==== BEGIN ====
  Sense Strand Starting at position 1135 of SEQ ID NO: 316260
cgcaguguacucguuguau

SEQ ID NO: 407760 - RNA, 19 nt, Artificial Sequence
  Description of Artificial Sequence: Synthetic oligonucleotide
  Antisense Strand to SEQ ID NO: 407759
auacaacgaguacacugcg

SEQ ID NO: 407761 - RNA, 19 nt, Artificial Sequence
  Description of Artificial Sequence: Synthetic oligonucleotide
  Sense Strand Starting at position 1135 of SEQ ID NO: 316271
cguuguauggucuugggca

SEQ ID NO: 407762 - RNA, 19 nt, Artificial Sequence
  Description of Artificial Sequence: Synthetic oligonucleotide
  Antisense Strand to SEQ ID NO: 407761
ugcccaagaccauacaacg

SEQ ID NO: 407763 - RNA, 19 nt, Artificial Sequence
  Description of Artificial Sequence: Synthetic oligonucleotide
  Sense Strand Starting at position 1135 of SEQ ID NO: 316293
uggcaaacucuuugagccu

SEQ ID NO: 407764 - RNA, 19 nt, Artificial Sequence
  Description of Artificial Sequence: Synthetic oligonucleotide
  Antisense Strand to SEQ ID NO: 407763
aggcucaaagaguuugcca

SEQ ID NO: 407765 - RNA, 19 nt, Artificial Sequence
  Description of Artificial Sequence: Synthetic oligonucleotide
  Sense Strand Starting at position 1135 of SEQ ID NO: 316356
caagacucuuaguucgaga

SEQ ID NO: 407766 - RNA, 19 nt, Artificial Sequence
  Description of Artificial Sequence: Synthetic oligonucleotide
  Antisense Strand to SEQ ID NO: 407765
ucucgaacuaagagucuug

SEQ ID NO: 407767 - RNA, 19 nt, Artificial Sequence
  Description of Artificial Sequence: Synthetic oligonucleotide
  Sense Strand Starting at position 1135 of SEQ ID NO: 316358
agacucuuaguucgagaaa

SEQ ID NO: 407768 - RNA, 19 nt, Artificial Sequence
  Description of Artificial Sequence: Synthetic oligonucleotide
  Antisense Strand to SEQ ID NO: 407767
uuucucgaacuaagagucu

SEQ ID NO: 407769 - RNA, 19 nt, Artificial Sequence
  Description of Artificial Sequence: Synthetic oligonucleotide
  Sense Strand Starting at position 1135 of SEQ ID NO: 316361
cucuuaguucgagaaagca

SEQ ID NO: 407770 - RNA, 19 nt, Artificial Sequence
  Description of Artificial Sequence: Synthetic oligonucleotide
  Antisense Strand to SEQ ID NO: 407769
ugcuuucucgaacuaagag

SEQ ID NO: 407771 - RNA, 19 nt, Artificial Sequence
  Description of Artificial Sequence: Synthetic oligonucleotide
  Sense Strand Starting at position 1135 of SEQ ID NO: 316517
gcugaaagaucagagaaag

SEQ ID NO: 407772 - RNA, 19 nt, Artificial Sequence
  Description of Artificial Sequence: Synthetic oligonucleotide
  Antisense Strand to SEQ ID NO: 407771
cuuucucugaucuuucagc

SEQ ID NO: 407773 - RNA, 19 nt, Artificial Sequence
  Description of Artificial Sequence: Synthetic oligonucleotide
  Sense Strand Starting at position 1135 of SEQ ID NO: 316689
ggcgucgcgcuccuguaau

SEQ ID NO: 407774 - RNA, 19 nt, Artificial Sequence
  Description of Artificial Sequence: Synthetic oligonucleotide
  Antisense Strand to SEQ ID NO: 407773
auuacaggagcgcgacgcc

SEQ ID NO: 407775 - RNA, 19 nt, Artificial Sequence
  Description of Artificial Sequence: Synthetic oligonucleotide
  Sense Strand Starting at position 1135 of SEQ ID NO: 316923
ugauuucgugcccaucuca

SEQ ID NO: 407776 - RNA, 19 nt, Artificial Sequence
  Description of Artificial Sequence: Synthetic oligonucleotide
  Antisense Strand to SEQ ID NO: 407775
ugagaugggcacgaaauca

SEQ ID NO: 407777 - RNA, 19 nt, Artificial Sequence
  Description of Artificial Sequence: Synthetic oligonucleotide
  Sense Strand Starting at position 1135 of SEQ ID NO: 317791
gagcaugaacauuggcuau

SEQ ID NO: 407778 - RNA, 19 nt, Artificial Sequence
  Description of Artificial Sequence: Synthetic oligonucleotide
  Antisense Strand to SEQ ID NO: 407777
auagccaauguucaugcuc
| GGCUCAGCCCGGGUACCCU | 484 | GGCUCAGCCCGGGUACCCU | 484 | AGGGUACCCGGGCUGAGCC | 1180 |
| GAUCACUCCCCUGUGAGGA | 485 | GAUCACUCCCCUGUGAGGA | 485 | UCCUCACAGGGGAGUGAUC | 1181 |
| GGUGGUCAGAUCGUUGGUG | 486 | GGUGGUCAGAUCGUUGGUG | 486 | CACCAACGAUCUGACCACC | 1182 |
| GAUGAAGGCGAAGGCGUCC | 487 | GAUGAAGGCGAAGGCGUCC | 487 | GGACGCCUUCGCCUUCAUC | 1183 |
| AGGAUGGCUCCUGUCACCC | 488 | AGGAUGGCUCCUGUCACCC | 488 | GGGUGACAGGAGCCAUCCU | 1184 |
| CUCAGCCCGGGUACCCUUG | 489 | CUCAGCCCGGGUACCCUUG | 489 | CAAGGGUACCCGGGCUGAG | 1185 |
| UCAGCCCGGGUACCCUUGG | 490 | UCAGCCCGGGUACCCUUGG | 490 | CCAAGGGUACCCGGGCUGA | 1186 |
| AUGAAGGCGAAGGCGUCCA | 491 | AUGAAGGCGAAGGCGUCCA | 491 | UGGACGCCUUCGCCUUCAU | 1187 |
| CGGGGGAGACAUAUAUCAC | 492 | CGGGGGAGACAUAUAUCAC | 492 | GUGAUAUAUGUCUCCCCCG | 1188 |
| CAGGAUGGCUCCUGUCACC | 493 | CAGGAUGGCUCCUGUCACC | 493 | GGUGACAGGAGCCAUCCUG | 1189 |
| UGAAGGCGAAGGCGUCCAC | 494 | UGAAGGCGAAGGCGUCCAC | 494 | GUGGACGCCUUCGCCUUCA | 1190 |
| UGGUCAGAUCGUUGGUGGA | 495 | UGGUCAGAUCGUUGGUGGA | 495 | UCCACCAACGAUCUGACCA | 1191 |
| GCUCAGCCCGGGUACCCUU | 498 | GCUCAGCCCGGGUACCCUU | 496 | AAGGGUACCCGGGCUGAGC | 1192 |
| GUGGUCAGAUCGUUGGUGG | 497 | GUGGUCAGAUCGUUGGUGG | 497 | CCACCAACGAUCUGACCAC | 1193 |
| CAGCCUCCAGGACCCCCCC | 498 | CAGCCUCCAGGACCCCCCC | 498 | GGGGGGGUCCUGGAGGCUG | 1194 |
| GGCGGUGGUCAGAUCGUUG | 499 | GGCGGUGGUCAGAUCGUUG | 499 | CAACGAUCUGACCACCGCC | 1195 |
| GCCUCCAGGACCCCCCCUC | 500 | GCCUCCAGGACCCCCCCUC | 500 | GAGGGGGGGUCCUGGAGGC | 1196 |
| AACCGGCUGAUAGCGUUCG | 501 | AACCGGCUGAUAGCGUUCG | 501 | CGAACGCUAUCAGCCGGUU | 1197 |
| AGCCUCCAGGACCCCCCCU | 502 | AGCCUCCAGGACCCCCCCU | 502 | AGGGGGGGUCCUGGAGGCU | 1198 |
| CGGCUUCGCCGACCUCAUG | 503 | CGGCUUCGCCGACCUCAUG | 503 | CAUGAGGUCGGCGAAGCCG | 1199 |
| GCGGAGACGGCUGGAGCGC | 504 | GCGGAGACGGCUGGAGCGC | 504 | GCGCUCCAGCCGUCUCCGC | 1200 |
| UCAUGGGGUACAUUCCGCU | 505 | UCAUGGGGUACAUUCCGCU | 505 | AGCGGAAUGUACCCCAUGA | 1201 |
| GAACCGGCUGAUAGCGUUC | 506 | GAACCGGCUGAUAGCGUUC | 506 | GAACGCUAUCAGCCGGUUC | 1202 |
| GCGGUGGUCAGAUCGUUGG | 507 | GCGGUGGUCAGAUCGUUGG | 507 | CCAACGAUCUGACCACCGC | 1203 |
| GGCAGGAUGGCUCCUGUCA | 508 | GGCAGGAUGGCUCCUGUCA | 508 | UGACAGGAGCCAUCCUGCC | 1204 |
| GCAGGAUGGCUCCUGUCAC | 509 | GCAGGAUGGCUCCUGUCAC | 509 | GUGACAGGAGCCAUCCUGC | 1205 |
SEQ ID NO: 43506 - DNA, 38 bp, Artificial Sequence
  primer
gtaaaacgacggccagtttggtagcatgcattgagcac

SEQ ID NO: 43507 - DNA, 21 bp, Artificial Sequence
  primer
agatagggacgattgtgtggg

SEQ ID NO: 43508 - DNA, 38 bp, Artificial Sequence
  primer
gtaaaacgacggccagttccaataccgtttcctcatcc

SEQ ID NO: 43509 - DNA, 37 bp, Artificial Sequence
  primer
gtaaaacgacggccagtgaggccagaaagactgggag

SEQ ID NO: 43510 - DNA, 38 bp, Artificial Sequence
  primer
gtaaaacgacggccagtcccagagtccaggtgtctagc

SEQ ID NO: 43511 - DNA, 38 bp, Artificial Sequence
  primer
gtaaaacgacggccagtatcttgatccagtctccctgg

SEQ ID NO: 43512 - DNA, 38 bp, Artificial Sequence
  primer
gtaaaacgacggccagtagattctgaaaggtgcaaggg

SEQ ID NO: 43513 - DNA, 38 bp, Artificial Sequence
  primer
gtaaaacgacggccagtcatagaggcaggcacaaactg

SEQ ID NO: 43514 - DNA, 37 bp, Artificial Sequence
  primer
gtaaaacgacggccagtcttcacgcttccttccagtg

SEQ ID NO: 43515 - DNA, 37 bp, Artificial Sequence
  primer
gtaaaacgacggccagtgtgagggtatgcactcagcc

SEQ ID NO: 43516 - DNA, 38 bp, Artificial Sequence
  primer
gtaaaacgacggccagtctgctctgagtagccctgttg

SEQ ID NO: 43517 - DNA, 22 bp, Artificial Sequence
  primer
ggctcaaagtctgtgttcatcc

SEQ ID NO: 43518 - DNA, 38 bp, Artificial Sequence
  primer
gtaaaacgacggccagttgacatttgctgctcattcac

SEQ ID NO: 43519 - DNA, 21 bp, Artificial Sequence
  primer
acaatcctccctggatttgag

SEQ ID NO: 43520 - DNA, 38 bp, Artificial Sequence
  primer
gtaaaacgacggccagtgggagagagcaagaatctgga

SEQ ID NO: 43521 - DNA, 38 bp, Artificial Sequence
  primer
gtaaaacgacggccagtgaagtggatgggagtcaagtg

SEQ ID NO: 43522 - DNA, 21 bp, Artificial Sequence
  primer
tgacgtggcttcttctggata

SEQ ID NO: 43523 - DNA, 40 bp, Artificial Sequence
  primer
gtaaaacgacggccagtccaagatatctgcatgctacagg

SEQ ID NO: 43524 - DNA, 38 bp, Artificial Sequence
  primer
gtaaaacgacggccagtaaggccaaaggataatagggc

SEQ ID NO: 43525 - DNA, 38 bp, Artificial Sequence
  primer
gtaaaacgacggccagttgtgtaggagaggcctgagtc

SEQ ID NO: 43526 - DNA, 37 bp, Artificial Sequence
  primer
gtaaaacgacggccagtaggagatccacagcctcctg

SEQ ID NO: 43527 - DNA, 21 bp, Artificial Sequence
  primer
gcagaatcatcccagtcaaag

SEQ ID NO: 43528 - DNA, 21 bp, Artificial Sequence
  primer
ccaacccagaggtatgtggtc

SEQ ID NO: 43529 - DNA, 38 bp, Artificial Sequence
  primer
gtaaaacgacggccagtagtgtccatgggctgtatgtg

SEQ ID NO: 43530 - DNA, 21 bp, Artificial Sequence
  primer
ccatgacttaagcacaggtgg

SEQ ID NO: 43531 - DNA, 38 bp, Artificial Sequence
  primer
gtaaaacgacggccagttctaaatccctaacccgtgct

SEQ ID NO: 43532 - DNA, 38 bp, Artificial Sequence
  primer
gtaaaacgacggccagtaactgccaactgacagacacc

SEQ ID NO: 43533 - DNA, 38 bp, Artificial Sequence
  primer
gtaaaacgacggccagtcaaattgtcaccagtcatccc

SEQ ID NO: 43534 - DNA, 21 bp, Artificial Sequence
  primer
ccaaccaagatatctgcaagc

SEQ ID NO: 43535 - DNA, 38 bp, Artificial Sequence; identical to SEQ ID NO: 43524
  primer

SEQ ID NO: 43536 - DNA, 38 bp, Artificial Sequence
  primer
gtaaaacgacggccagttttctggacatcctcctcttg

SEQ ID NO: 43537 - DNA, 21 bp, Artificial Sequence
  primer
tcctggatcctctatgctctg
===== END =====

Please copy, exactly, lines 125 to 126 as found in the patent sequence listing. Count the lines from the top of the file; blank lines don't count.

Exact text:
gtaaaacgacggccagtagattctgaaaggtgcaaggg

SEQ ID NO: 43513 - DNA, 38 bp, Artificial Sequence